This paper presents a real-time control methodology using two different control criteria which has been put into practice for the safe abstraction of drinking water in the city of Zurich, Switzerland. The Hardhof well field delivers 15% of the drinking water demand of the city and serves as one of the main waterworks of the urban water supply net. The growth of residential and industrial areas close to the Hardhof well field over recent decades has led to much higher potential contamination risks in the ground and at the surface. The historic basis for well field management relied on defined well head protection zones to avoid contaminating activities close to the wells and the additional monitoring of the pumped water quality. Sporadic tracer studies and collections of water samples were used to locate and delineate contamination sources. Meanwhile the HACCP concept (Hazard Analysis and Critical Control Points) (WHO, 2010) was incorporated as a legal obligation in Switzerland (EDI, 2010). It requires all producers of drinking water to guarantee the quality standard of the supplied water at any time. Therefore, the possible inflow of water from parts of the aquifer which may contain sources of contamination must be monitored or controlled in real-time. Online-sensors can be used for the monitoring of aquifers and the operation of wells. These sensors transfer head data, temperature or chemical data, e.g. electrical conductivity in the groundwater and have potential value for the real-time management of well fields. We consider a real-time well field management system as a combination of three technical parts: 1) real-time transferred data, 2) a model that is updated with this data, and 3) a control algorithm calculating the necessary pumping rates at current time or as a predictive signal for future management decisions. Our current study introduces a control approach which uses path line analysis of particles as control criterion for the real-time management of the Hardhof well field under conditions of temporally variable forcings (natural recharge rates, river stages, boundary conditions and groundwater management).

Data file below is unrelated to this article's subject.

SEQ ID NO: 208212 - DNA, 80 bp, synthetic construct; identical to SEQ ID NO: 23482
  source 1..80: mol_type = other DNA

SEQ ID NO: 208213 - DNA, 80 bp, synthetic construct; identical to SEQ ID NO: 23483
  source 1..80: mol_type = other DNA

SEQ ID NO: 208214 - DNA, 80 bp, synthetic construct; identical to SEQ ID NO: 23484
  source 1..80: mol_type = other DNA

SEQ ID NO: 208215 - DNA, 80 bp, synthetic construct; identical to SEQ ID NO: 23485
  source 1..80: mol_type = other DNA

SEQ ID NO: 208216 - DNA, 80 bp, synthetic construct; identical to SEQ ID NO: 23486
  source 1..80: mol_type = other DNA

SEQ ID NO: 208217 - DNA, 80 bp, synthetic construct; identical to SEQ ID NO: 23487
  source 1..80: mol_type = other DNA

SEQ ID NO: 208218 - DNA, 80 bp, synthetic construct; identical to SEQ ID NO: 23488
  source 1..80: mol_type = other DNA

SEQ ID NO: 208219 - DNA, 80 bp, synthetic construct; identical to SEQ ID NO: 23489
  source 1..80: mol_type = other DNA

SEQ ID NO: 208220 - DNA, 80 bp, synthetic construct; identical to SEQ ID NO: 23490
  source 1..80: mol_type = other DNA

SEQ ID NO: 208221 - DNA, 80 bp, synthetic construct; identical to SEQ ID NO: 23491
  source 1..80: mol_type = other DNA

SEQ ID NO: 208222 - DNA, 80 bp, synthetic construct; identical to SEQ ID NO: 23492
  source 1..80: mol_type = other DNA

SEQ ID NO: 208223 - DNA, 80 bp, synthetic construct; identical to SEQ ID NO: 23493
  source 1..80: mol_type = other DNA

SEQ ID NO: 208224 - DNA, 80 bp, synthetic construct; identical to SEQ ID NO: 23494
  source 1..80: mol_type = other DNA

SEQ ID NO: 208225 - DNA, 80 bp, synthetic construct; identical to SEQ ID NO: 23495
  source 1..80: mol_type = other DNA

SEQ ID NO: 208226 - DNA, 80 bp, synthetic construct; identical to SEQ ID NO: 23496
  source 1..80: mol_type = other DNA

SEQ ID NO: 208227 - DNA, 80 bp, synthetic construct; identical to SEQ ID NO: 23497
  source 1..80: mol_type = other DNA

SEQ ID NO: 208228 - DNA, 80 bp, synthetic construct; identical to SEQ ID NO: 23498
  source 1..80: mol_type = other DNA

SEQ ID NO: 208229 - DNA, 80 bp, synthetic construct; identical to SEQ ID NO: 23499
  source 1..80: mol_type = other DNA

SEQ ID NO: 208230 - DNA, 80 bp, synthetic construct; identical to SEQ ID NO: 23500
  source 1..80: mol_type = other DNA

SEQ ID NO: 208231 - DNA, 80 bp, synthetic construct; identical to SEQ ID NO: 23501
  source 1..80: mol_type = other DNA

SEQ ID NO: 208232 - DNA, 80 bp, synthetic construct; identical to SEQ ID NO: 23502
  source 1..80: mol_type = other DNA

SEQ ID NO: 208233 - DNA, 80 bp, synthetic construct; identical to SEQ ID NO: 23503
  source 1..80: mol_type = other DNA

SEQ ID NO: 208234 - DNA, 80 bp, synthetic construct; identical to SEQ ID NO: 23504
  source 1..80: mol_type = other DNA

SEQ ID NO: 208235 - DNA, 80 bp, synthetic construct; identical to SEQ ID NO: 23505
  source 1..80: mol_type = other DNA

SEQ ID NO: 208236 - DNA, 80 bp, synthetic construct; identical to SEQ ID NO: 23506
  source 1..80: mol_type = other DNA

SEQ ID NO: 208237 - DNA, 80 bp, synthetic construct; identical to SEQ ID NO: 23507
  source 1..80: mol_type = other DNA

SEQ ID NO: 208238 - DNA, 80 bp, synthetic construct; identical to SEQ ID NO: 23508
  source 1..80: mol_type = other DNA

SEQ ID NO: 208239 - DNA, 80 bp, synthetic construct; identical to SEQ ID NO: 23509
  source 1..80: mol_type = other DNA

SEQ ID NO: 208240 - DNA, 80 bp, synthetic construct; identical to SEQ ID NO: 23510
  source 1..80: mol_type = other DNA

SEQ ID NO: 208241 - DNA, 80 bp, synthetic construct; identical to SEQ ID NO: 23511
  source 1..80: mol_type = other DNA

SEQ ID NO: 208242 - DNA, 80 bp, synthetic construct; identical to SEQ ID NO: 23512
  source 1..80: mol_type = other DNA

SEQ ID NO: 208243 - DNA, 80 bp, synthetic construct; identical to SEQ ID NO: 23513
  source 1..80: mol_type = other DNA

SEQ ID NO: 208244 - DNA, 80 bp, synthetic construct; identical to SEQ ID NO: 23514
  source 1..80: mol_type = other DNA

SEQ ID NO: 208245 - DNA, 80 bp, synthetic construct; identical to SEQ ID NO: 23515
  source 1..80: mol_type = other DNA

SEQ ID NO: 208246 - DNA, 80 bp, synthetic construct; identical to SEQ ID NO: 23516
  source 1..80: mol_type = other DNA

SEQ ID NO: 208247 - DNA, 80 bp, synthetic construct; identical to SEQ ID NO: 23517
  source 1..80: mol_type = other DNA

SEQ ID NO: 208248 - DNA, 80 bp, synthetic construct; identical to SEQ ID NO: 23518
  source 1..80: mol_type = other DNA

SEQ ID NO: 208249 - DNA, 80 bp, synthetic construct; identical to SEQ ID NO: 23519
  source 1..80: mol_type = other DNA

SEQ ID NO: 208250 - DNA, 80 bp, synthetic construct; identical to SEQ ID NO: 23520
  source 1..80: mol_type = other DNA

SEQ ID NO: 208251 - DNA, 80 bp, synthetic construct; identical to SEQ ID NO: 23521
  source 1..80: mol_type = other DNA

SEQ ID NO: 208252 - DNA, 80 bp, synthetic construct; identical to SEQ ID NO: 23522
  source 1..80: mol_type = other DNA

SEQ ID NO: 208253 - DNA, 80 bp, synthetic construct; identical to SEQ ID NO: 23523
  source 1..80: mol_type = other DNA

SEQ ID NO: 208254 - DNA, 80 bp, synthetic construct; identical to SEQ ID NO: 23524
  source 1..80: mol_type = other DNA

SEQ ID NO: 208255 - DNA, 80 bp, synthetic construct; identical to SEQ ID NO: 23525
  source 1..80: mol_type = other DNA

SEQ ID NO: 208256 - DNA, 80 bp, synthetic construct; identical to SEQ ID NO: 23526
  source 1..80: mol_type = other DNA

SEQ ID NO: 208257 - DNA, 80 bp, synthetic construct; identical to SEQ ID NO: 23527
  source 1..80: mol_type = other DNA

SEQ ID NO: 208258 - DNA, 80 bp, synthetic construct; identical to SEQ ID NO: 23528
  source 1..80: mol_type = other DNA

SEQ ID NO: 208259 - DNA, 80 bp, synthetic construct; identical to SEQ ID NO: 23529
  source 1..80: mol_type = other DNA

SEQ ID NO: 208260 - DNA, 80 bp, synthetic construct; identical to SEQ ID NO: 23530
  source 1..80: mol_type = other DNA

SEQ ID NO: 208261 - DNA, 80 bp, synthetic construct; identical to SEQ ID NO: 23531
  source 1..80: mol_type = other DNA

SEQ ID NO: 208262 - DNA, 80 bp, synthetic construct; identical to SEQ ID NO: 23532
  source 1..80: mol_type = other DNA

نتیجه گیری انگلیسی
The %s-criterion is a surrogate control criterion. For each day the path lines are calculated with the instantaneous flow field, assuming that all conditions stay constant. If the %s-criterion is optimally controlled (i.e., %s = 0) for each day of the time period between 1st of January 2004 and 23rd of August 2005, the criterion can be regarded as conservative and robust because its requirement regarding optimality (i.e., %s = 0) does not allow inflow of city water. The limitations of the %s-criterion lie within the maximum travel time for the calculation of the path lines. We chose a maximum of 200 days as abort criterion for the calculation of the path lines which has no implications on the validity of the results (more than 99.5% of the particles reached the defined control planes in x-, y- and z-direction or the defined boundaries of the river or the city domain). In comparison to the path line method, a transport model for the transient simulation of electrical conductivity in the groundwater would be better suited to estimate EC values in the horizontal wells. However, this is far from trivial as the EC of the groundwater is modified during its transport below the city. The space-time distribution of the processes and sources that result in the EC-increase of the city water are largely unknown and therefore it is difficult to simulate these processes in a reliable manner. A dense network of online sensors that measure EC could alleviate this problem, and these measurement data could be assimilated by a transport model to update the spatial distribution of EC in time. So far, the online application in the field showed that the %s-criterion for the control leads to reduced (measured) EC values of the pumped drinking water, indicating a reduced inflow of city water. The CPU-time per optimization iteration is ca. 2.5 min yielding 12.5 min for 5 iterations. This is the main reason to limit the number of particles to 1350. The number of particles could be adapted to 2000 or even 3000 in order to produce better results in terms of resolution. The introduced %s-concept could be used for different classes of problems, mainly for all groundwater model calculations using the finite element approach. Well sites without artificial recharge basins, yet threatened by all kinds of contamination in the soil or groundwater could rely on this concept in order to adapt the necessary abstraction rates in real-time.